Report No. 69
Order of Examination of Witnesses
Under section 135, the order in which witnesses are produced and examined shall be regulated by the law and practice for the time being relating to civil and criminal procedure respectively, and, in the absence of any such law, by the discretion of the court.
75.2. Civil cases.-
In civil cases, the rule governing the production of evidence depends on the principles applicable to the right to begin. This is governed by the Code of Civil Procedure. Very briefly, the scheme of that Code is this.1 The plaintiff has a right to begin. To this, there is an exception where the defendant admits the facts alleged by the plaintiff and contends that either in point of law or on some additional facts alleged by the defendant the plaintiff is not entitled to any part of the relief which he seeks, in which case the defendant has the right to begin.
1. Order 18, rules 1 to 3, Code of Civil Procedure, 1908.
75.3. The party having the right to begin has to state his case on the first hearing and produce his evidence in support of the issues which he is bound to prove. After this, the other party has to state his case and produce his evidence, if any, and may then address the court generally on the whole case.
75.4. There may be situations where there are several issues, the burden of proving some of which lies on the other party. The burden of proof, it may be recalled, is governed by the Evidence Act-we have already considered the relevant provisions.1 The party beginning may, in such a situation, at his option, either produce his evidence on these issues, or reserve it by way of answer to the evidence produced by the other party; and in that case, that is to say, where the party beginning has reserved his evidence on some of the issues, he may produce evidence on those issues after the other party has produced all his evidence. After such production of evidence the other party is entitled to reply specially on the evidence so produced by the party beginning: but the party beginning will then be entitled to reply generally on the whole case.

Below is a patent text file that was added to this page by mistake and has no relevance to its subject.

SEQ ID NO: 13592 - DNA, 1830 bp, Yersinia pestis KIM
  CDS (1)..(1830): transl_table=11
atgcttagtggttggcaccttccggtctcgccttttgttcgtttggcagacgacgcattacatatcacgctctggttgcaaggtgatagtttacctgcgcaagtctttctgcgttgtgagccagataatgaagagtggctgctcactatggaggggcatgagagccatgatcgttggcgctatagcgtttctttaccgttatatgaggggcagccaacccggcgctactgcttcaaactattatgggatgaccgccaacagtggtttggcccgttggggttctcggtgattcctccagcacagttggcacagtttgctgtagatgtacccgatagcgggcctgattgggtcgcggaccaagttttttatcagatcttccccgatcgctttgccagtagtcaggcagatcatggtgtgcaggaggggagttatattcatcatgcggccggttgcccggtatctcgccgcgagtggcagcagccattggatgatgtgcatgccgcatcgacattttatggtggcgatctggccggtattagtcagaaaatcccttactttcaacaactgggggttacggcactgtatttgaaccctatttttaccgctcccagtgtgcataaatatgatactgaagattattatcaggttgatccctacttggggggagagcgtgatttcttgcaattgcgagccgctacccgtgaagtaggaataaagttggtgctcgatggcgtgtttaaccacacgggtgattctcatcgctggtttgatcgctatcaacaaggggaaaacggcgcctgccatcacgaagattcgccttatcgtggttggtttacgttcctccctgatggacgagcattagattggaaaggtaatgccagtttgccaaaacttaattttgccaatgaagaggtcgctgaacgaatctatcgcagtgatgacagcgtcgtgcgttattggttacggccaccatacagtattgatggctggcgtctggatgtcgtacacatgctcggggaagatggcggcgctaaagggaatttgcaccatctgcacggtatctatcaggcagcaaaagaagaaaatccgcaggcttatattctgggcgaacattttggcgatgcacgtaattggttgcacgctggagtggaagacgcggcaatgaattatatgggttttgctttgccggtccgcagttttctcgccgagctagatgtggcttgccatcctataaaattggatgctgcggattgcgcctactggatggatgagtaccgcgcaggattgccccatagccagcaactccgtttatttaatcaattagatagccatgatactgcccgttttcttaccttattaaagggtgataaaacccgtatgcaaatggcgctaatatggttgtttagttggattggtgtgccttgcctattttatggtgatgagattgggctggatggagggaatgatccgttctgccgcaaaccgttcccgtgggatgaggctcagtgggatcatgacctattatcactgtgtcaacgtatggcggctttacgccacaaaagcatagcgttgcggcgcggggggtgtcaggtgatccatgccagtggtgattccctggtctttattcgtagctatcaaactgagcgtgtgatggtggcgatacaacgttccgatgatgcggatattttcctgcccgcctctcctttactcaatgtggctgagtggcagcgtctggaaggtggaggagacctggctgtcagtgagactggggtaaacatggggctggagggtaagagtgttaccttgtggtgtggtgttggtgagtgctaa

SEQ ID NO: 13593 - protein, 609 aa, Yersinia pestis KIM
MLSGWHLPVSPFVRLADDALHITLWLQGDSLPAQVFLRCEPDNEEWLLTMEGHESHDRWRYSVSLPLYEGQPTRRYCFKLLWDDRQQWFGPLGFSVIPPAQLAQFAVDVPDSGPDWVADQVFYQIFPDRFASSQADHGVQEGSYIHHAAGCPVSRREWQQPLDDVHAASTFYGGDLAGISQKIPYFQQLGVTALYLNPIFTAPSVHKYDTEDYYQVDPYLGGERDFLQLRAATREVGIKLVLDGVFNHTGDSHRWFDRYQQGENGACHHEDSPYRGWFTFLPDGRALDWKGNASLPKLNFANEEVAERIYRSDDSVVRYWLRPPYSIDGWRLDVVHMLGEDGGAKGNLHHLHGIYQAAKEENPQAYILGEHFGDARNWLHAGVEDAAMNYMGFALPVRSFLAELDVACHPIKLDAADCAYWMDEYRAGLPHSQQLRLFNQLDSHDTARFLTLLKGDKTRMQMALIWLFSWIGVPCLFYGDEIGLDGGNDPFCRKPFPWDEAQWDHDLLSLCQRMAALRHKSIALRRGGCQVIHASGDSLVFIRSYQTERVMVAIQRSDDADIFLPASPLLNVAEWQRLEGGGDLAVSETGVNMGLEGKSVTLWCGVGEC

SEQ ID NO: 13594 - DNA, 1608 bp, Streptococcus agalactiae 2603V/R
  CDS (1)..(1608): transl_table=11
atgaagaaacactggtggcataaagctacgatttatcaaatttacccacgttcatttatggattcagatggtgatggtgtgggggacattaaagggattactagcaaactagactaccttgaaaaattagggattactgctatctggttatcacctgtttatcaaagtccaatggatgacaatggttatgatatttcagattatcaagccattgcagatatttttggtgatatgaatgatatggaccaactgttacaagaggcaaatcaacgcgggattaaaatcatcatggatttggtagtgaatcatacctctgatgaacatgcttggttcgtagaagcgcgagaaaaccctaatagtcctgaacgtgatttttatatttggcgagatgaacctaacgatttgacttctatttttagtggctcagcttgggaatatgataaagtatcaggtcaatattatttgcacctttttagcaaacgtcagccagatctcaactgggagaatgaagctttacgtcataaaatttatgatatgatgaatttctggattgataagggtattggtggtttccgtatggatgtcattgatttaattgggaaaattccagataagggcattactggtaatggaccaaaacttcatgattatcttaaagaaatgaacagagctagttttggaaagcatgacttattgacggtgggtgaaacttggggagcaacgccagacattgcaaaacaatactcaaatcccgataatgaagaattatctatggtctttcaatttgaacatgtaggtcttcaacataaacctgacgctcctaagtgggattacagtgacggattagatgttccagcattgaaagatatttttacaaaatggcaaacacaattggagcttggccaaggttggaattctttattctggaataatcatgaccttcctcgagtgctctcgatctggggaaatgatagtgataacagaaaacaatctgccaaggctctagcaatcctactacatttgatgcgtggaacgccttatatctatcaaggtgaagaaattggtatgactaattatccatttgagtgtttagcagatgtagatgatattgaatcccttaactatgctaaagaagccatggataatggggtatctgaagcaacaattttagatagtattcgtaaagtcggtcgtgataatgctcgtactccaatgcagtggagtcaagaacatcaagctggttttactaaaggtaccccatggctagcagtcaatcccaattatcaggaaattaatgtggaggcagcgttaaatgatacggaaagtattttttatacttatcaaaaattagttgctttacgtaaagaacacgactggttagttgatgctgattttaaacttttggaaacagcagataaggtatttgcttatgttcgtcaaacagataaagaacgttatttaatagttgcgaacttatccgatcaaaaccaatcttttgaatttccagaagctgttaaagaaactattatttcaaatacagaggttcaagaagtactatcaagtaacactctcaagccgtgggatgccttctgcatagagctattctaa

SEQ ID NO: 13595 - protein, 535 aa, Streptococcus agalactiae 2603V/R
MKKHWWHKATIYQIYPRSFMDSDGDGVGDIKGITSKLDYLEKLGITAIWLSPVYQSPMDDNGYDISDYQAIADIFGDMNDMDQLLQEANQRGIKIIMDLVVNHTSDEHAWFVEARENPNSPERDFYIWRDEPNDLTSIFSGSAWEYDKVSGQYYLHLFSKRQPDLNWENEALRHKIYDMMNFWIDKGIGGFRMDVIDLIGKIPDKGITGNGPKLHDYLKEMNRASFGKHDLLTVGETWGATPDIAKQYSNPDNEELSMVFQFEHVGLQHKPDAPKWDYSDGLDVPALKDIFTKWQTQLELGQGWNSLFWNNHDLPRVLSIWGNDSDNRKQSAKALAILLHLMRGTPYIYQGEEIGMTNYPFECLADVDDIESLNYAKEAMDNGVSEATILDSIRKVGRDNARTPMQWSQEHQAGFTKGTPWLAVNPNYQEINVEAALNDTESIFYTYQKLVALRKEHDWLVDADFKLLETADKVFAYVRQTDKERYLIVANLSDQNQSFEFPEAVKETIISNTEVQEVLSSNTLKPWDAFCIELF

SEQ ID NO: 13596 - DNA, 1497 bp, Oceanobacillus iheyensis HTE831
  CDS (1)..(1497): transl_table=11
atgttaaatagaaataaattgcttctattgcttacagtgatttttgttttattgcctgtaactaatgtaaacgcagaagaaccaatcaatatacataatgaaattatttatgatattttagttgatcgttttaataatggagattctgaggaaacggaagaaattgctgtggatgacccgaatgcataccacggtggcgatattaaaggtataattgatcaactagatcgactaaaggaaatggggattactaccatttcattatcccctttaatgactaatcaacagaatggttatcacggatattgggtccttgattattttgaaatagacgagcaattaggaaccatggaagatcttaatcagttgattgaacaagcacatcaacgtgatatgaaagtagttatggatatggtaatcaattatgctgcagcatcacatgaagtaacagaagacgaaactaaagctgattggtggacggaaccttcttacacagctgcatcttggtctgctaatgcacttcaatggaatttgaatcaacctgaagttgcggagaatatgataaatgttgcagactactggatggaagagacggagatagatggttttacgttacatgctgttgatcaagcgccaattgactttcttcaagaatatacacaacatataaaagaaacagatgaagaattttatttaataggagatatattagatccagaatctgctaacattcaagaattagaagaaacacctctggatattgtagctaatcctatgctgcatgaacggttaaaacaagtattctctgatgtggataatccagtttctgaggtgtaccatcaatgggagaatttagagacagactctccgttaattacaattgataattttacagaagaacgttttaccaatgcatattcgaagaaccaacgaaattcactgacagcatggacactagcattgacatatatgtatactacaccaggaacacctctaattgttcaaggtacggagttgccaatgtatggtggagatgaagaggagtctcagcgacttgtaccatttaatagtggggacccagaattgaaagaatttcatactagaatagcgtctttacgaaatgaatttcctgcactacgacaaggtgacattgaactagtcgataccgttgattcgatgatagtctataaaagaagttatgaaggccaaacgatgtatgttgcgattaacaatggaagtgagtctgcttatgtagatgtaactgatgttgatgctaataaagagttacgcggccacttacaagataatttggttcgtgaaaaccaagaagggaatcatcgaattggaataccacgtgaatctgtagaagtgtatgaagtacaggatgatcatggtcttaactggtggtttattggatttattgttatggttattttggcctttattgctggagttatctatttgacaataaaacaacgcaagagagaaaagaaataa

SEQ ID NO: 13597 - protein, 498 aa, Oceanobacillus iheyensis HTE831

1. 93lialS101. et seq.
75.5. Criminal cases.-
In criminal trials, the prosecution always begin.- in fact, provisions expressing or implying this position are contained in the various chapters of the Code of Criminal Procedure applicable to the different kinds of trials under the Code. By way of example, the provisions in that Code, in so far as they are relevant to the subject under consideration, may be thus summarised as regards warrant cases and sessions cases.
(a) Warrant cases before Magistrates1
In warrant cases tried before Magistrates, if the accused does not plead guilty or though he pleads guilty, he is not convicted on that plea, the Magistrate fixes a date for the examination of witnesses. On that date, the Magistrate shall proceed to take all such evidence as may be produced in support of the prosecution, but he may permit the cross-examination of any witness to be deferred until any other witness or witnesses have been examined, or recall any witness for further cross-examination. The accused shall then be called upon to enter upon his defence and produce his evidence. After such evidence is taken, arguments are heard, and the judgment is pronounced.
1. Sections 242 to 247, Code of Criminal Procedure, 1973.
(b) Sessions trials
In a trial before a Court of Sessions,1 the procedure is slightly different. When the accused appears before the court or is brought before it, the public prosecutor opens his case by explaining the charge brought against the accused and stating by what evidence he proposes to prove the guilt of the accused. Unless the accused is discharged by the Sessions Judge on the ground that there is not sufficient proof, the charge is framed by the Court of Sessions2 and the accused is asked whether he pleads guilty or claims to be tried. Except when the accused pleads guilty and is convicted on that plea, the judge has to fix a date for the examination of the witnesses. On the date fixed, the judge shall proceed to take all such evidence as may be produced in support of the prosecution.